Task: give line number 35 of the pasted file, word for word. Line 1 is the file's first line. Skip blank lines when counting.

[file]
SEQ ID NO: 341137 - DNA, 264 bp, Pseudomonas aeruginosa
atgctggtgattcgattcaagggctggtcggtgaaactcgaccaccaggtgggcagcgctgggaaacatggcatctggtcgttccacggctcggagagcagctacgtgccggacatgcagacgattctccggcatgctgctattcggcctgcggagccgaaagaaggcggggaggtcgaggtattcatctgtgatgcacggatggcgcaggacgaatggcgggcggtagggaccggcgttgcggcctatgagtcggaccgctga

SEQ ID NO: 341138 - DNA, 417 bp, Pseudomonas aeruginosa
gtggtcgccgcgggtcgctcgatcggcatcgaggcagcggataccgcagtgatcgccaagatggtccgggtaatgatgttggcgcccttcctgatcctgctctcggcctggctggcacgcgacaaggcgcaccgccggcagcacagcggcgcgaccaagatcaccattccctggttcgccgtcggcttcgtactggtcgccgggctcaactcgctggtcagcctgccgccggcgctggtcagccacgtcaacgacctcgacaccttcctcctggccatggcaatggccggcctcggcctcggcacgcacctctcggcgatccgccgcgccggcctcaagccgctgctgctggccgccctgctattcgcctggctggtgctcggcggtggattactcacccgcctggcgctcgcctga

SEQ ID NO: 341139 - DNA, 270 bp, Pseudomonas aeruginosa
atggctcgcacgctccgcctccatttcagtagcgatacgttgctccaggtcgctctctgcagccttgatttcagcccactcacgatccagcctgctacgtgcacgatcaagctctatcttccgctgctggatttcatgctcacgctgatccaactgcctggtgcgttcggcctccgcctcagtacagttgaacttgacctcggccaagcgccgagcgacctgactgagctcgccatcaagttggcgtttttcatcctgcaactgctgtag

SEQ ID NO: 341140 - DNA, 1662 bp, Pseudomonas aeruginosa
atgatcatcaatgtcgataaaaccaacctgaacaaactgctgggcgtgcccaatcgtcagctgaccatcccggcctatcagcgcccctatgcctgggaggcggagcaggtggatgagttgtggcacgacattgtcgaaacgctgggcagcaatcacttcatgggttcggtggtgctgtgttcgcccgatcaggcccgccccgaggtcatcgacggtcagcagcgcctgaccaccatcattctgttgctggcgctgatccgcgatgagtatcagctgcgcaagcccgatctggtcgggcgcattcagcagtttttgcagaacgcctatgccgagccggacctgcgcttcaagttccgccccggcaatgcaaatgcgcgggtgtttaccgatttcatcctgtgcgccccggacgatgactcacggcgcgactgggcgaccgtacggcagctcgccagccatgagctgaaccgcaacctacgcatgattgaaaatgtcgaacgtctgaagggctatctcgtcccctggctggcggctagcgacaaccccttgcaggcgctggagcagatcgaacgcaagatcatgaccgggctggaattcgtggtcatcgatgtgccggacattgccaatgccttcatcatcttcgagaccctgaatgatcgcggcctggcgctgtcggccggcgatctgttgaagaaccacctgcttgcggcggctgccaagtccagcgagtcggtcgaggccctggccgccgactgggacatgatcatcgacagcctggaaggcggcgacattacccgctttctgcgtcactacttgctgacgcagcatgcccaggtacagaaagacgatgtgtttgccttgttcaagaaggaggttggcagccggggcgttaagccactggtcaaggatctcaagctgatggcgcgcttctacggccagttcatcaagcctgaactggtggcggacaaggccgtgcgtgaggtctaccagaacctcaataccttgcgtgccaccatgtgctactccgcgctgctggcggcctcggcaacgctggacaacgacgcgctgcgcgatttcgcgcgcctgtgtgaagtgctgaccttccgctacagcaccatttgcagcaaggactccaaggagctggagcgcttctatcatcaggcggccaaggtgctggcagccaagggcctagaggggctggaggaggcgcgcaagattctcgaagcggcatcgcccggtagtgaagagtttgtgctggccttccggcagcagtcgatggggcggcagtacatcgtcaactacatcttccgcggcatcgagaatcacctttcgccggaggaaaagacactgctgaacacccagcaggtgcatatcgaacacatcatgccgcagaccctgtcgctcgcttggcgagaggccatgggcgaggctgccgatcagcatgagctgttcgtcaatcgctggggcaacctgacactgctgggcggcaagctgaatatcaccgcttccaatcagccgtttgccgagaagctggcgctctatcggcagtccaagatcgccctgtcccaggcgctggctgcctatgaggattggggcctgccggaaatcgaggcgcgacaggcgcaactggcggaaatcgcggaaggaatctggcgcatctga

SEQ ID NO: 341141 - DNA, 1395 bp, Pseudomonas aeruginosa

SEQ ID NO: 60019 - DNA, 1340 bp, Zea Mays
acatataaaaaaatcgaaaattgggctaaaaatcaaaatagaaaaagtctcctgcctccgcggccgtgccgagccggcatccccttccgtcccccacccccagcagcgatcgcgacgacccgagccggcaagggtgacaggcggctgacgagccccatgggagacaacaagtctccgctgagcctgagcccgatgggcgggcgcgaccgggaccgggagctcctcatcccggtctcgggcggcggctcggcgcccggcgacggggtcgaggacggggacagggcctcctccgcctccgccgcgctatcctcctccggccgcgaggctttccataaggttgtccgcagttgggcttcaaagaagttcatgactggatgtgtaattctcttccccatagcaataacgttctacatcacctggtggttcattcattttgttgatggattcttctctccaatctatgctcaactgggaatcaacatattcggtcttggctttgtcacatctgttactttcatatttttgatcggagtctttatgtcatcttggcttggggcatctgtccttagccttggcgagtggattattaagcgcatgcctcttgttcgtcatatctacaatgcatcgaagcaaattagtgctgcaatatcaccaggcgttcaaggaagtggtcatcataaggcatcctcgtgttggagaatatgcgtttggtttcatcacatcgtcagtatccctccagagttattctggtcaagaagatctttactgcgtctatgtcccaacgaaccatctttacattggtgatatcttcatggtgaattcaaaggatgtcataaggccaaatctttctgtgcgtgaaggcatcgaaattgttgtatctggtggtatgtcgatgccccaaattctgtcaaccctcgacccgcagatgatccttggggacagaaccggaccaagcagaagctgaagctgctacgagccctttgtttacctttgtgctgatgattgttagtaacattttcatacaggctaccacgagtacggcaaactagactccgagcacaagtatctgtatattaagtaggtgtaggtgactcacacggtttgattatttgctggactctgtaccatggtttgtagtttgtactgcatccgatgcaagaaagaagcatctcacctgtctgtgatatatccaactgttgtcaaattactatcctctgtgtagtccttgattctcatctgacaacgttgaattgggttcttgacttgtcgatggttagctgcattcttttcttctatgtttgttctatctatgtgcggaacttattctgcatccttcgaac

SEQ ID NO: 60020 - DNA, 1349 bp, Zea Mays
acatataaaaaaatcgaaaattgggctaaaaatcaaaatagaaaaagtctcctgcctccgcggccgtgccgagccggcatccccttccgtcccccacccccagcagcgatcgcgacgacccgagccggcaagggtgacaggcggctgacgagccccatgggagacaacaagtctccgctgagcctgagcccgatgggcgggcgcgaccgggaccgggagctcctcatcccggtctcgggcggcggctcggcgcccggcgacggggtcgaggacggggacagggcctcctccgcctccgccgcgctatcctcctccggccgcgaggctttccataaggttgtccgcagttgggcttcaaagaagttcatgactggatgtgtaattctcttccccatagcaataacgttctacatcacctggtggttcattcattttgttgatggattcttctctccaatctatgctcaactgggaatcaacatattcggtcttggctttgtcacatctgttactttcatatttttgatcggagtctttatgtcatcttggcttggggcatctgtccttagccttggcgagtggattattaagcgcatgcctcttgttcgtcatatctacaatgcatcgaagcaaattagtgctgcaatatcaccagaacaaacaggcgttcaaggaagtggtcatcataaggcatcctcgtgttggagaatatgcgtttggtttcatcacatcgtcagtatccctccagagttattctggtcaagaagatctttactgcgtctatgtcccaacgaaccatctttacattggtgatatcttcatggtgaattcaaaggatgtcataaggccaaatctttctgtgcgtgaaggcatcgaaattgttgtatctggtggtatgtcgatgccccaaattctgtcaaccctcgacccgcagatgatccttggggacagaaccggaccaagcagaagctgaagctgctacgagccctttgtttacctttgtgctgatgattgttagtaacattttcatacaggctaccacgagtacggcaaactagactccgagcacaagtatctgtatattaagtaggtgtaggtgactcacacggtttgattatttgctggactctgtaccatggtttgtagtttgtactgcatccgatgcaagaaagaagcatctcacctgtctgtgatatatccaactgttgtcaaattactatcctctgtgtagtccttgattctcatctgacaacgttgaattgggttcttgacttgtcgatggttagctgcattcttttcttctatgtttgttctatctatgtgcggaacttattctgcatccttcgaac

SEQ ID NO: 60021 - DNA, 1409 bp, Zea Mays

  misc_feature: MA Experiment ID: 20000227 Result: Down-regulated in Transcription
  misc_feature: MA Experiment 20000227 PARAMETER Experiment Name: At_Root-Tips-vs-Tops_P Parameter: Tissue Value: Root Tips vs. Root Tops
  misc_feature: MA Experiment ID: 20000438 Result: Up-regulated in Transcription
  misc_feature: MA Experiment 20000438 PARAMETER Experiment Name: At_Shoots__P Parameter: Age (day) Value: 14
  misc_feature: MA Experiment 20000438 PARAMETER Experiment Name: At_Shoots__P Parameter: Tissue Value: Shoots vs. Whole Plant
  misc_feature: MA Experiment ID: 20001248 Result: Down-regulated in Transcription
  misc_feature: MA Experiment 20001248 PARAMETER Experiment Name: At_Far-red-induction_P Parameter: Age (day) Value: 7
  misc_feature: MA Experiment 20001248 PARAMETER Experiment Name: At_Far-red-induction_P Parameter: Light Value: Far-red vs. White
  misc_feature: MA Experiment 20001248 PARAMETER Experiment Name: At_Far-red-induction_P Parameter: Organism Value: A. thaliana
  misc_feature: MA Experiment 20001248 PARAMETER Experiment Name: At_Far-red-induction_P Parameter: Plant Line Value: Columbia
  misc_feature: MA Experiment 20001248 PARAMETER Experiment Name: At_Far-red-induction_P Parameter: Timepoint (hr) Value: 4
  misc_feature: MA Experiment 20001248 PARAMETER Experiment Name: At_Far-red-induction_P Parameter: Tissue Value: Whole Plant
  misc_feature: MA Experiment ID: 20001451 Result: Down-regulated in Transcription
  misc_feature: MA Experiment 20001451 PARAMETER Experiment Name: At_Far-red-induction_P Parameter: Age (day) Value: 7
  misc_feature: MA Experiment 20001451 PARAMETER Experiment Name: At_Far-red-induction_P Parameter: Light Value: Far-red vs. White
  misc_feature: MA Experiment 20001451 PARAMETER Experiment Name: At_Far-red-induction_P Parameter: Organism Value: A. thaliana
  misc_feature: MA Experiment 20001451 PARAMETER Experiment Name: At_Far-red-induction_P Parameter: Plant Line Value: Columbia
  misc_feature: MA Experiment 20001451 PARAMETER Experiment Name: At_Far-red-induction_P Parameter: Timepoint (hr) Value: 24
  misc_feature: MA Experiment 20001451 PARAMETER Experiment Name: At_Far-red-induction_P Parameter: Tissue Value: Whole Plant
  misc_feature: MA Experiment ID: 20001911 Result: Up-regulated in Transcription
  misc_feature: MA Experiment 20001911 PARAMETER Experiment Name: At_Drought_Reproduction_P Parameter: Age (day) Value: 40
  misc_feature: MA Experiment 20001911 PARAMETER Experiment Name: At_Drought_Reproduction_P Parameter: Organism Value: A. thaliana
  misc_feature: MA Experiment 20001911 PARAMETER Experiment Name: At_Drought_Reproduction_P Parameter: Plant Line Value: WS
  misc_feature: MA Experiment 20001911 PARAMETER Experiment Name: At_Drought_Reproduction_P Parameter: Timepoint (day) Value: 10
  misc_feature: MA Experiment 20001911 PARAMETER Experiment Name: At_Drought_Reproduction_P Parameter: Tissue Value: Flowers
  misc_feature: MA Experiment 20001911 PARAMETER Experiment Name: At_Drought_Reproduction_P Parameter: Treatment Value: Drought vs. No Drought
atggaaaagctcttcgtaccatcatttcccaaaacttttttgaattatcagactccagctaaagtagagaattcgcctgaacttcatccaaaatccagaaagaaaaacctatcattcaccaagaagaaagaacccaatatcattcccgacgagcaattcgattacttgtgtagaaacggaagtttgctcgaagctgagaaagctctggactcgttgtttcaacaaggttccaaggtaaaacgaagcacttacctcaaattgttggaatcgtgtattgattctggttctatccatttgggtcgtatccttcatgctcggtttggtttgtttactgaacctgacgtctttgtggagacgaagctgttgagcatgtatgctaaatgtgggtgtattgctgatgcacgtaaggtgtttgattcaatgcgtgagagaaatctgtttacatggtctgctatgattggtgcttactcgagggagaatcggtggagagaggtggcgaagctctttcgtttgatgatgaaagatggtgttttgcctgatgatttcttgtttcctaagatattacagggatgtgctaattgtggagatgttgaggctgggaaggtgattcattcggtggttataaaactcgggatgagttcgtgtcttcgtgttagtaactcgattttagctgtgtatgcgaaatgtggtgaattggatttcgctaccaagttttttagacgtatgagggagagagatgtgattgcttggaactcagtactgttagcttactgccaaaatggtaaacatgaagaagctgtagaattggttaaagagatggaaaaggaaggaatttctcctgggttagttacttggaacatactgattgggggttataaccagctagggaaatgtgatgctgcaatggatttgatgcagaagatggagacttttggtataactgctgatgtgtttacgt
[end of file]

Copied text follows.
  misc_feature: MA Experiment 20001911 PARAMETER Experiment Name: At_Drought_Reproduction_P Parameter: Age (day) Value: 40